Wow. I kind of had the feeling the new book Superfreakonomics was going to be weak, but I didn’t expect it to look as rough as the preview currently coming. I enjoyed Freakonomics – it was about doing research, finding results, questioning conclusions, and it had the feel of how research is conducted. The glaring problem with the organizing principle: “People responds to incentives, and you can tell what incentives are because they are what motivates people to do things” was usually glossed over, and you could look at the times when it is invoked with a sense of quirky amusement, like picturing a kid with a bucket on his head running in a circle thinking he is flying.
What I really want to point out is Ezra Klein’s takedown of the opening chapter. Ezra Klein is a health care wonk/reporter/blogger, and he swept-the-leg out of a shoddy econometrics argument by someone who won a Clark Medal for doing econometrics.
The next few pages purport to prove that drunk walking is eight times more dangerous than drunk driving. Here’s how they do it: Surveys show that one out of every 140 miles driven is driven drunk. “There are some 237 million Americans sixteen and older; all told, that’s 43 billion miles walked each year by people of driving age. If we assume that 1 out of every 140 of those miles are walked drunk — the same proportion of miles that are driven drunk — then 307 million miles are walked drunk each year.”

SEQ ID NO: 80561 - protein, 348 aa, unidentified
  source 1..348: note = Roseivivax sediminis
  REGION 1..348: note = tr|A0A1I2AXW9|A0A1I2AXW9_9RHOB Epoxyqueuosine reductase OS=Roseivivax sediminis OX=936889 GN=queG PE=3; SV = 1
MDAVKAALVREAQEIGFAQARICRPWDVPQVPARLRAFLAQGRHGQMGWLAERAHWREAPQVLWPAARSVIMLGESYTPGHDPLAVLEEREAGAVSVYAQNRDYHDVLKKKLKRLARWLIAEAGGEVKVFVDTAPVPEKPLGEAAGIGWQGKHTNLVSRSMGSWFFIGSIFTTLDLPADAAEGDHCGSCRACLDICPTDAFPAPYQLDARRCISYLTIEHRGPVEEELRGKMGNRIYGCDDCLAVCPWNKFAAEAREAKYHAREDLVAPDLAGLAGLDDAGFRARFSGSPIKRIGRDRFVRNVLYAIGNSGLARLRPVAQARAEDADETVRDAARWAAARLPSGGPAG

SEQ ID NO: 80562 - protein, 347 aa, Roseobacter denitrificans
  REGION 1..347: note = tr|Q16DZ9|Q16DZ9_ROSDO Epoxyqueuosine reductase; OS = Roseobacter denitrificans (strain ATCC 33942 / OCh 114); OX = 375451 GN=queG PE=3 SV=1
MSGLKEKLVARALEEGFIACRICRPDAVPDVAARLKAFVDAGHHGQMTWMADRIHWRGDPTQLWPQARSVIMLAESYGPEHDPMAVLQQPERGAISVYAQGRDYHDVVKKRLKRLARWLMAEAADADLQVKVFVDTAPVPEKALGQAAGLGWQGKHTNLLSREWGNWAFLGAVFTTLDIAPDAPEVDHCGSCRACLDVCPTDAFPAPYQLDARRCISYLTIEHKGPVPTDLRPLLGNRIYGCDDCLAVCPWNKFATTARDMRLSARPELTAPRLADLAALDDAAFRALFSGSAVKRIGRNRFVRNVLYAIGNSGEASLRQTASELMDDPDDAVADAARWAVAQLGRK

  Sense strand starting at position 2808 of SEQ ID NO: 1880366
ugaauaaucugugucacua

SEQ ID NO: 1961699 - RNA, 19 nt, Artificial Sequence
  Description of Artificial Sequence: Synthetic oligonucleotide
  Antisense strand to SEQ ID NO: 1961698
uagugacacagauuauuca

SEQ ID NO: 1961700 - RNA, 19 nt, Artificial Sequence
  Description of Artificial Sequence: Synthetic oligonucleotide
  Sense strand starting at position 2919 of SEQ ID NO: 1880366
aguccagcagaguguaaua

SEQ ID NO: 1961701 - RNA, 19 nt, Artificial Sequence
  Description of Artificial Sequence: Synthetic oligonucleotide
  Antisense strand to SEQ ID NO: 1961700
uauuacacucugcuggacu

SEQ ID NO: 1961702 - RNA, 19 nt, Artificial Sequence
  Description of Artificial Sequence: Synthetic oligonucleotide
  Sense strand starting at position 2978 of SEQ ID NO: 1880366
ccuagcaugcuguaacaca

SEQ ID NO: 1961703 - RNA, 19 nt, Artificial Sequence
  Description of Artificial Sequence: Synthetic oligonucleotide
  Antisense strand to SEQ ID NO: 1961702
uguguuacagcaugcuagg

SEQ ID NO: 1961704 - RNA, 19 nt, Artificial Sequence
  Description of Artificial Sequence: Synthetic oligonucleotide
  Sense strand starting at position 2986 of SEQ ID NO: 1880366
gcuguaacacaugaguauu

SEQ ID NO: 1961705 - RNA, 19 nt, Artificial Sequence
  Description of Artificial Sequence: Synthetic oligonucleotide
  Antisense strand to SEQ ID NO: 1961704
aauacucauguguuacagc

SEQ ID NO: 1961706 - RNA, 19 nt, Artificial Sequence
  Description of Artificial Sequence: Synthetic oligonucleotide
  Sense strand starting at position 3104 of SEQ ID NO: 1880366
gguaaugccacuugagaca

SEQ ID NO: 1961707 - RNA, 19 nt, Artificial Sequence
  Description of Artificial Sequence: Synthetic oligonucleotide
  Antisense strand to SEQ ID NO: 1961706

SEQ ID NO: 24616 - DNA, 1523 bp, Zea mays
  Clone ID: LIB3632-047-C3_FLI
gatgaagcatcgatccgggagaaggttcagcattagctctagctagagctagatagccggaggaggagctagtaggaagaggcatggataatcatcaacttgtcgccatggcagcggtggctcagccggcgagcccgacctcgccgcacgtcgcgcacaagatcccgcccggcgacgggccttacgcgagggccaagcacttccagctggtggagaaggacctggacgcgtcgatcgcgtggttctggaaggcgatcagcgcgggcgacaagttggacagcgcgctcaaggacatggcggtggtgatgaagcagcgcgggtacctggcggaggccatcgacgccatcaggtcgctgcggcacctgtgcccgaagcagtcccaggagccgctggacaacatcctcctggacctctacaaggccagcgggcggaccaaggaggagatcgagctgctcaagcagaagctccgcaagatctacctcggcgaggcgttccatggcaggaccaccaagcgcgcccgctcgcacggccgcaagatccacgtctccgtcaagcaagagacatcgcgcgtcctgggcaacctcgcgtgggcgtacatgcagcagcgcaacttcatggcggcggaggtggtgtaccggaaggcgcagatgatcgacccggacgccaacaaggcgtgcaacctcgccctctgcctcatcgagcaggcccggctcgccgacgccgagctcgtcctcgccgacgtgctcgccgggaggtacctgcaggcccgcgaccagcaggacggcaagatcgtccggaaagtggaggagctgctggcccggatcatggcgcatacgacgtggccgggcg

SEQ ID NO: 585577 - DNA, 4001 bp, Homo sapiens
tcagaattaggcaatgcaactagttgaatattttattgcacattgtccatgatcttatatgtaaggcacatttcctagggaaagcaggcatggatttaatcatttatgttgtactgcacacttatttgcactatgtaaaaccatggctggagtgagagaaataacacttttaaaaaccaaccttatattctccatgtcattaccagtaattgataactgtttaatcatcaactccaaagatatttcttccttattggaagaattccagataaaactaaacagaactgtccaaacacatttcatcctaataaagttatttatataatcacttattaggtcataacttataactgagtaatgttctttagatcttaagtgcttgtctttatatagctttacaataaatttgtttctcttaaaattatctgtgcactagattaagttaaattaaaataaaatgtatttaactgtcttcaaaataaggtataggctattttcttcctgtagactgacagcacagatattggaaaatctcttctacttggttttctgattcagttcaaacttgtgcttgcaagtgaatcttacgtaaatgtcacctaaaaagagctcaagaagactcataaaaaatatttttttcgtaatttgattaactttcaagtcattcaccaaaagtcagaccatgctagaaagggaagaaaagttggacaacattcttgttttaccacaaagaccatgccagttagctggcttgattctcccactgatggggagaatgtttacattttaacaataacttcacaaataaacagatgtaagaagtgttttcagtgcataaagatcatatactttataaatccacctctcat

“If we assume.”
But why should we assume that? As the initial example demonstrates, a lot of people walk drunk when they would otherwise drive drunk. That substitution alone suggests that a higher proportion of walking miles are drunk miles. Other people walk, or take transit, when they know they’ll be drinking later. That’s why they’re walking and not driving. That skews the numbers and makes it impossible to simply “assume” parity.
I’m going to refer to this move economists make, where they make some provocative claim based on completely made-up data that doesn’t pass a critical first thought as “Old Custer.”
Why? Did you see the movie The Royal Tenenbaums? In it, Owen Wilson’s writer character Eli from the movie says “Well, everyone knows Custer died at Little Bighorn. What this book presupposes is…maybe he didn’t.”
This Freakeconomics experiment Klein tears to shreds is the exact duplicate of saying “What my argument presupposes is….maybe Old Custer died from walking around drunk.” The argument move “Maybe Custer didn’t die at Little Bighorn” is what is being used for a cutesy, counterintuitive take on drunk driving. It’s really worth noting that if Levitt was giving this argument at a seminar, and Ezra raised his hand and said what he said, the seminar would be over. Killed.